Sunday, December 26, 2010
- I am lucky. My neighbour has a washing machine. So I get to put my clothes in the washing machine and the only thing I have to do by hand is rinse them. No hand washing for Kaitlin! Sweeeet!
- In an effort to be nice, some of the Tongans in my village try to translate my name back into English. They translate Katalina into Katherine, despite the fact that I explained my name is actually Kaitlin. As a result, I respond to Katherine, Katalina, Lina, and of course, palangi.
- I successfully cooked for myself the other night, for the first time in Tonga! I made rice and vegetables. It was delicious. I was also very proud of myself, since I am not much of a cook. However, Tongans don't really understand vegetarianism very well- it took a bit of explaining. So when my principal's wife, Vau, asked me if I had cooked myself dinner and I proudly explained what I had made, her reaction was "...that is all? Tomorrow, I will look for eggs for you. I am worried you do not eat enough." I then had to explain that it was okay, I could get my own eggs and I actually eat fine. They are always so worried about me!
- I tried to bake a cake for Viniseni (my principal), Vau, and their family since they have been cooking so many meals for me. Baking is also a great way to make friends and integrate in Tonga. But, I am not much of a baker either. So my cake was not very good. But my neighbours ate it anyway and even said it was good and I was poto, smart, for making it.
- I have mice housemates. I think they only come out at night. They recently stole my toilet paper. Silly mice. They don't bother me now but hopefully they don't get any worse!
- I eva pe (just walk around) a lot to wave to people in my village so they know who I am. Eva-ing is a big activity here in Tonga. It's a little weird to them that I do it alone but the kids come with me sometimes too!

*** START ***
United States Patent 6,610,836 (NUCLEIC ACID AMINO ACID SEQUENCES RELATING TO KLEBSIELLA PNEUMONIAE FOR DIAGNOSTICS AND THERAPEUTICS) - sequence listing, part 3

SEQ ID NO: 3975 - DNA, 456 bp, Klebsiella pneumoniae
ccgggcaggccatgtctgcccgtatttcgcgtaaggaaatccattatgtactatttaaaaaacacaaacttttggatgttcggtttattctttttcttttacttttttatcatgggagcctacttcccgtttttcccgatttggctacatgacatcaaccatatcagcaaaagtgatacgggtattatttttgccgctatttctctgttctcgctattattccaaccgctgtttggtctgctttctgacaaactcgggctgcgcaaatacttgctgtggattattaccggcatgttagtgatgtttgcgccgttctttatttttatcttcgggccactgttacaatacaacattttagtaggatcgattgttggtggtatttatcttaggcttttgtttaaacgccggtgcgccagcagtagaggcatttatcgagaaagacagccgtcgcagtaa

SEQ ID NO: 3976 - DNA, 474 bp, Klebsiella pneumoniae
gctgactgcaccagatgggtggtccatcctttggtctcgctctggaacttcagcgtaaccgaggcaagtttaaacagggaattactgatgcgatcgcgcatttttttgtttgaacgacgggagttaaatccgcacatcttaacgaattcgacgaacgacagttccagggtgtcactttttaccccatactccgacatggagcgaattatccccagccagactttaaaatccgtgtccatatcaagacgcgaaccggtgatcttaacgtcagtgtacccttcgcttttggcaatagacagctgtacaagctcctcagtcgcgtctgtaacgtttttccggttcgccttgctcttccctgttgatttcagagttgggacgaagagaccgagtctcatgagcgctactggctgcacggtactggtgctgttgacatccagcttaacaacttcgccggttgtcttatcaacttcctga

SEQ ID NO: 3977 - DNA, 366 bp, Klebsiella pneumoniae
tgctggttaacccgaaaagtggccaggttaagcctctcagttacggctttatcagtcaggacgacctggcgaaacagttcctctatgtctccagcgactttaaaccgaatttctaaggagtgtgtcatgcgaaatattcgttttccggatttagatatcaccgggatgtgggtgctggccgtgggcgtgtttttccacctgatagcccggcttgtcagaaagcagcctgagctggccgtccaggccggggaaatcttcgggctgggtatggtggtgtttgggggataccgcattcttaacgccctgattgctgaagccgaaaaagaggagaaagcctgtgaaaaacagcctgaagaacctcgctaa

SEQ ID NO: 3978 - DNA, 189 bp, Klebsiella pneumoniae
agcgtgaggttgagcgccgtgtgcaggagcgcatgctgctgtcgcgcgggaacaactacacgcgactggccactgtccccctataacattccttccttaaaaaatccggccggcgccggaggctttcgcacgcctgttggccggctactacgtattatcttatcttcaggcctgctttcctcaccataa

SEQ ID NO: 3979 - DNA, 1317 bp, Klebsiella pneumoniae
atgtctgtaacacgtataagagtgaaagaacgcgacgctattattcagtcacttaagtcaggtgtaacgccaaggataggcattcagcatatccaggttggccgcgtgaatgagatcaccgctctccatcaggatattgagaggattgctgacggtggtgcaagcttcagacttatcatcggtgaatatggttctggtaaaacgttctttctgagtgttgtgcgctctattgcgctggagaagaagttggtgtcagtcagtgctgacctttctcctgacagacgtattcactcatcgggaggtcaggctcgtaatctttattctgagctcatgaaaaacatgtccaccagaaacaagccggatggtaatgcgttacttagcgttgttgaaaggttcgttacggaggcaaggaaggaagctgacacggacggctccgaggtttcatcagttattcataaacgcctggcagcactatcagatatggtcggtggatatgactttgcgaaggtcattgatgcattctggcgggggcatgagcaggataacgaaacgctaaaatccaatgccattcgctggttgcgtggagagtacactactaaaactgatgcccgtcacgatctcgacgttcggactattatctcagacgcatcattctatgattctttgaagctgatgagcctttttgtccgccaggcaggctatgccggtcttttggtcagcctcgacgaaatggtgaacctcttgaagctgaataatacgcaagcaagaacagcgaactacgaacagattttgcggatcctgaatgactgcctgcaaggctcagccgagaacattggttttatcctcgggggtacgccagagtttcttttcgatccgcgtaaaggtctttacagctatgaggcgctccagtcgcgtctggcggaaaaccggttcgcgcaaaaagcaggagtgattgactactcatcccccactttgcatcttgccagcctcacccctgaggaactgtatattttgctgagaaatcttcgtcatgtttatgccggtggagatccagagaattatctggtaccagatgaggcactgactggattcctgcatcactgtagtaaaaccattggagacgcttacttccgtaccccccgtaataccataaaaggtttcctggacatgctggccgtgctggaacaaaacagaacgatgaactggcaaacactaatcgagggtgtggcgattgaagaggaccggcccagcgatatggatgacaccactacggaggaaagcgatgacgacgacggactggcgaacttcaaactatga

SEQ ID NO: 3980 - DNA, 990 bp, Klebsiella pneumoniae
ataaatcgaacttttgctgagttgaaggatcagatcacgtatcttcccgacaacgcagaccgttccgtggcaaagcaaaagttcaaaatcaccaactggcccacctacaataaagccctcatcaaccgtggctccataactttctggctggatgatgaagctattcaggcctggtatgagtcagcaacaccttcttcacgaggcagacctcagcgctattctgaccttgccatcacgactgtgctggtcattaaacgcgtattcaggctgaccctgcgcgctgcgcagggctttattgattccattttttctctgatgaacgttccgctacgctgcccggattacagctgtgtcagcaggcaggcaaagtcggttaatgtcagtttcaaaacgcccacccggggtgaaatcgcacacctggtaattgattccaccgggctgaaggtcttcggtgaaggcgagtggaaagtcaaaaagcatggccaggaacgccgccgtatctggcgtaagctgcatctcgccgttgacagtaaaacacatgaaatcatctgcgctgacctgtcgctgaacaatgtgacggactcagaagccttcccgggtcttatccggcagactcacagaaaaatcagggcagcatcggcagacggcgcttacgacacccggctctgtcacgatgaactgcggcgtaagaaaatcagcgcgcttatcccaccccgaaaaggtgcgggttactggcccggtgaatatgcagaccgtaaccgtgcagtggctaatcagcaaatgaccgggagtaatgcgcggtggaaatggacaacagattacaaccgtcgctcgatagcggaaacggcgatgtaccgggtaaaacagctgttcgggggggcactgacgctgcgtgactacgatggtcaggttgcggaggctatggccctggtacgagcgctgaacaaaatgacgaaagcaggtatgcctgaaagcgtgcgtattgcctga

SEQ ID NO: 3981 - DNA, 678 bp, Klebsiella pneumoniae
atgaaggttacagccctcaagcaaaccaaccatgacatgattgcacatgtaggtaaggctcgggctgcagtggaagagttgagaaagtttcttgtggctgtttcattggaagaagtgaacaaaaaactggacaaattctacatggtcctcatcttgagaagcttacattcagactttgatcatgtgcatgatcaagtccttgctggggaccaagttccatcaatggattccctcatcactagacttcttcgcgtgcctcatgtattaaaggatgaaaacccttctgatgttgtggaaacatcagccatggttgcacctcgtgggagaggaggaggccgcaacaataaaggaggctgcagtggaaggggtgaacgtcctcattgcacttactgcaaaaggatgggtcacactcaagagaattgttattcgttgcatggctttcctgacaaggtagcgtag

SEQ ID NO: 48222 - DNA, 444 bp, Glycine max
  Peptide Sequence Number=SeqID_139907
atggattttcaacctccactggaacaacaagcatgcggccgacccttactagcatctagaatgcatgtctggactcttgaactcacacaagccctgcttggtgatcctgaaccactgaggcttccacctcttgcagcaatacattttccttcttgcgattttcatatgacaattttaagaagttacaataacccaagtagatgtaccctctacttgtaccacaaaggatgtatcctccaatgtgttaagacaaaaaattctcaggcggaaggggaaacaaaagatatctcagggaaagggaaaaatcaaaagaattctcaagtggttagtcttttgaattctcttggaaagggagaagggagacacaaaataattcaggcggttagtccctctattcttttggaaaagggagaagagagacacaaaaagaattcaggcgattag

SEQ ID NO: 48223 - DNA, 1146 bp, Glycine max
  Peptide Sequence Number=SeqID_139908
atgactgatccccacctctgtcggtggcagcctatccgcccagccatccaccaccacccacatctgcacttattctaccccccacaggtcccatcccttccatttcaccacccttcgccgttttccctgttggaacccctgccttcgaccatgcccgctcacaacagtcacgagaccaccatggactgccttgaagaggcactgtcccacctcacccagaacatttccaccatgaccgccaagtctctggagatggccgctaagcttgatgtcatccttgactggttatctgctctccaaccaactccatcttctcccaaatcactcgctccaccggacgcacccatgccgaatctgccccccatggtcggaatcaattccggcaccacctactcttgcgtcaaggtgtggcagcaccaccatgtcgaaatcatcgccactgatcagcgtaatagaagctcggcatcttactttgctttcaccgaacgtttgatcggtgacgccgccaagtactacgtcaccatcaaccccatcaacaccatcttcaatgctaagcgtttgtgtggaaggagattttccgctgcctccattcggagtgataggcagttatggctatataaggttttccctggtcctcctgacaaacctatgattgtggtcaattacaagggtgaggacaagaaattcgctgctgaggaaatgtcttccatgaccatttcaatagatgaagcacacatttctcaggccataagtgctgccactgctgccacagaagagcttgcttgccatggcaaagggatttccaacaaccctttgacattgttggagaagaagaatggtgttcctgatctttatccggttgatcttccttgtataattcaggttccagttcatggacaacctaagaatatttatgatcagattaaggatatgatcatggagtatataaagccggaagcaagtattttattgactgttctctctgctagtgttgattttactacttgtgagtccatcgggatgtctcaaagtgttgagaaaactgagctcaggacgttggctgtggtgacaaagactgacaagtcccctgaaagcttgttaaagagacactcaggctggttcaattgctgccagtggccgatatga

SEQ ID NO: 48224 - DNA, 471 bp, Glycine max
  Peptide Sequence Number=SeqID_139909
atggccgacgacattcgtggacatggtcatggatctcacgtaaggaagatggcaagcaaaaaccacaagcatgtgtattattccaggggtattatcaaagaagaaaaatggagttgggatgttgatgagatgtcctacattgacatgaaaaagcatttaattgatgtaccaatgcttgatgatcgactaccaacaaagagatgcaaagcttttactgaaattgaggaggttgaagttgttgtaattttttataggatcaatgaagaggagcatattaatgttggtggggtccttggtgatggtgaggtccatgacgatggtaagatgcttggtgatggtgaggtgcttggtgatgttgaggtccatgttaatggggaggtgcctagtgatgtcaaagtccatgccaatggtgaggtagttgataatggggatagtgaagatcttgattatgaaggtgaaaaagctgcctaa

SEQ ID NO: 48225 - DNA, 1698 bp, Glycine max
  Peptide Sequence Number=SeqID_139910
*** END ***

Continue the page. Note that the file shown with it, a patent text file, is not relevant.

- I recently finished my first journal! That is the one Jamie gave me for my 21st birthday- thanks Jamie! Next is the one Monica gave me as a gift before I left. So everyone be proud- I've been writing a lot, even if it hasn't been on my blog.
- Tongans have beautiful voices. The singing in church is absolutely amazing.
- No, I do not go to the beach everyday.
- Tonga Group 76 is by far the most fascinating group of people I've ever met in my entire life (no offense to any of you). Everyone has such interesting backgrounds and stories that they are very willing to share. They are also very intelligent. We mesh pretty well.
- I had my first proposal for a Tongan moa (boyfriend or girlfriend) the other day. First let me explain that boyfriend or girlfriend must be used loosely. You can be texting with someone and be their moa, you can be walking with them on the street, you can actually be dating them- it's quite a wide range of activities and relationships. Tongans also frequently have multiple moas. So one of the boys in the group I was doing Christmas stuff with said "I think it is time for you to have a Tongan boyfriend." I said "Oh, really?" and he said "Yes, you should, would you like one?" I laughed and said "I think I am okay right now, I have not been here too long. I'm alright." And he said "You are okay?" And I said yes. He then didn't talk to me for the next couple of days so I felt kind of bad but we're okay now. A better way to handle it would have been with humour, such as "Oh, I already have 10 moas!" Or to just laugh and say, "You'd have to ask Viniseni first!" or something like that. But I was so caught off guard that I did not handle it well. Oh well, now I know for next time!
These are just random bits of information that have come to mind while I've been sitting at the computer. If there are questions you have about my life, or day to day activities or anything, definitely leave a comment and ask! I'll do my best to address them when I next get the chance to be online.